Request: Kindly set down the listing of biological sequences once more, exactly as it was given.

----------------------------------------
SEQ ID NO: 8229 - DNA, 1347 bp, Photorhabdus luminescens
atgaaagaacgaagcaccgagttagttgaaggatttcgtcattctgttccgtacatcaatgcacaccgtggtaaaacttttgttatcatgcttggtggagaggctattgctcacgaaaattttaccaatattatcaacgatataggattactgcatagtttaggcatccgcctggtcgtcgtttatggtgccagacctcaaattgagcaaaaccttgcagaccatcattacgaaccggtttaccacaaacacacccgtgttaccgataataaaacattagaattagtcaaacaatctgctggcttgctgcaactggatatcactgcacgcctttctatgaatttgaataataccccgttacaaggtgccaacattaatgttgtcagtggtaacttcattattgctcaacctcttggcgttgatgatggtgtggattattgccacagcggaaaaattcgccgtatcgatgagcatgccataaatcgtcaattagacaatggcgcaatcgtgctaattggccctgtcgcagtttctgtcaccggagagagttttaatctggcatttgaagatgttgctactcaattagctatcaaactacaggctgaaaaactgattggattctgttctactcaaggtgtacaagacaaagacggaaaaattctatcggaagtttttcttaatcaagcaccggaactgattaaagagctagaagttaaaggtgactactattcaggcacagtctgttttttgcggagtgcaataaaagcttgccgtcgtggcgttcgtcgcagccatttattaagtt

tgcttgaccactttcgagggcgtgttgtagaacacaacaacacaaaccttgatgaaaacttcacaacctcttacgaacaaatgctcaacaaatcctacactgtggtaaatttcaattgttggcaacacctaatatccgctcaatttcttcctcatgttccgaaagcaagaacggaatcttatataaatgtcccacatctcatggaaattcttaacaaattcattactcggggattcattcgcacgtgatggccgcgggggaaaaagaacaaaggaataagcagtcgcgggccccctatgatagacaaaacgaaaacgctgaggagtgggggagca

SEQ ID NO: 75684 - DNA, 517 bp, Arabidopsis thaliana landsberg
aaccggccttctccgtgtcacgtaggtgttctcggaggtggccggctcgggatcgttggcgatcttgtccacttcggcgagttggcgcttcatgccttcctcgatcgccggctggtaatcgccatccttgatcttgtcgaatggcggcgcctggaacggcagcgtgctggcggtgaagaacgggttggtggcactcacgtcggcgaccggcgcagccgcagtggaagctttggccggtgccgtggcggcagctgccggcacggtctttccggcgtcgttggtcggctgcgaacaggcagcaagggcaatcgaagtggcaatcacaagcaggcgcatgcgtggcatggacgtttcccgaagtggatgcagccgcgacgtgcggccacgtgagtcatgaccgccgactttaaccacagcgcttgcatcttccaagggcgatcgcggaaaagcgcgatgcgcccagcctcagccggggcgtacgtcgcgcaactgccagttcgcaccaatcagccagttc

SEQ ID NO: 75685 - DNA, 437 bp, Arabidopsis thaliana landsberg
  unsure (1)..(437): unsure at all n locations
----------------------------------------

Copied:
SEQ ID NO: 8229 - DNA, 1347 bp, Photorhabdus luminescens
atgaaagaacgaagcaccgagttagttgaaggatttcgtcattctgttccgtacatcaatgcacaccgtggtaaaacttttgttatcatgcttggtggagaggctattgctcacgaaaattttaccaatattatcaacgatataggattactgcatagtttaggcatccgcctggtcgtcgtttatggtgccagacctcaaattgagcaaaaccttgcagaccatcattacgaaccggtttaccacaaacacacccgtgttaccgataataaaacattagaattagtcaaacaatctgctggcttgctgcaactggatatcactgcacgcctttctatgaatttgaataataccccgttacaaggtgccaacattaatgttgtcagtggtaacttcattattgctcaacctcttggcgttgatgatggtgtggattattgccacagcggaaaaattcgccgtatcgatgagcatgccataaatcgtcaattagacaatggcgcaatcgtgctaattggccctgtcgcagtttctgtcaccggagagagttttaatctggcatttgaagatgttgctactcaattagctatcaaactacaggctgaaaaactgattggattctgttctactcaaggtgtacaagacaaagacggaaaaattctatcggaagtttttcttaatcaagcaccggaactgattaaagagctagaagttaaaggtgactactattcaggcacagtctgttttttgcggagtgcaataaaagcttgccgtcgtggcgttcgtcgcagccatttattaagtt

tgcttgaccactttcgagggcgtgttgtagaacacaacaacacaaaccttgatgaaaacttcacaacctcttacgaacaaatgctcaacaaatcctacactgtggtaaatttcaattgttggcaacacctaatatccgctcaatttcttcctcatgttccgaaagcaagaacggaatcttatataaatgtcccacatctcatggaaattcttaacaaattcattactcggggattcattcgcacgtgatggccgcgggggaaaaagaacaaaggaataagcagtcgcgggccccctatgatagacaaaacgaaaacgctgaggagtgggggagca

SEQ ID NO: 75684 - DNA, 517 bp, Arabidopsis thaliana landsberg
aaccggccttctccgtgtcacgtaggtgttctcggaggtggccggctcgggatcgttggcgatcttgtccacttcggcgagttggcgcttcatgccttcctcgatcgccggctggtaatcgccatccttgatcttgtcgaatggcggcgcctggaacggcagcgtgctggcggtgaagaacgggttggtggcactcacgtcggcgaccggcgcagccgcagtggaagctttggccggtgccgtggcggcagctgccggcacggtctttccggcgtcgttggtcggctgcgaacaggcagcaagggcaatcgaagtggcaatcacaagcaggcgcatgcgtggcatggacgtttcccgaagtggatgcagccgcgacgtgcggccacgtgagtcatgaccgccgactttaaccacagcgcttgcatcttccaagggcgatcgcggaaaagcgcgatgcgcccagcctcagccggggcgtacgtcgcgcaactgccagttcgcaccaatcagccagttc

SEQ ID NO: 75685 - DNA, 437 bp, Arabidopsis thaliana landsberg
  unsure (1)..(437): unsure at all n locations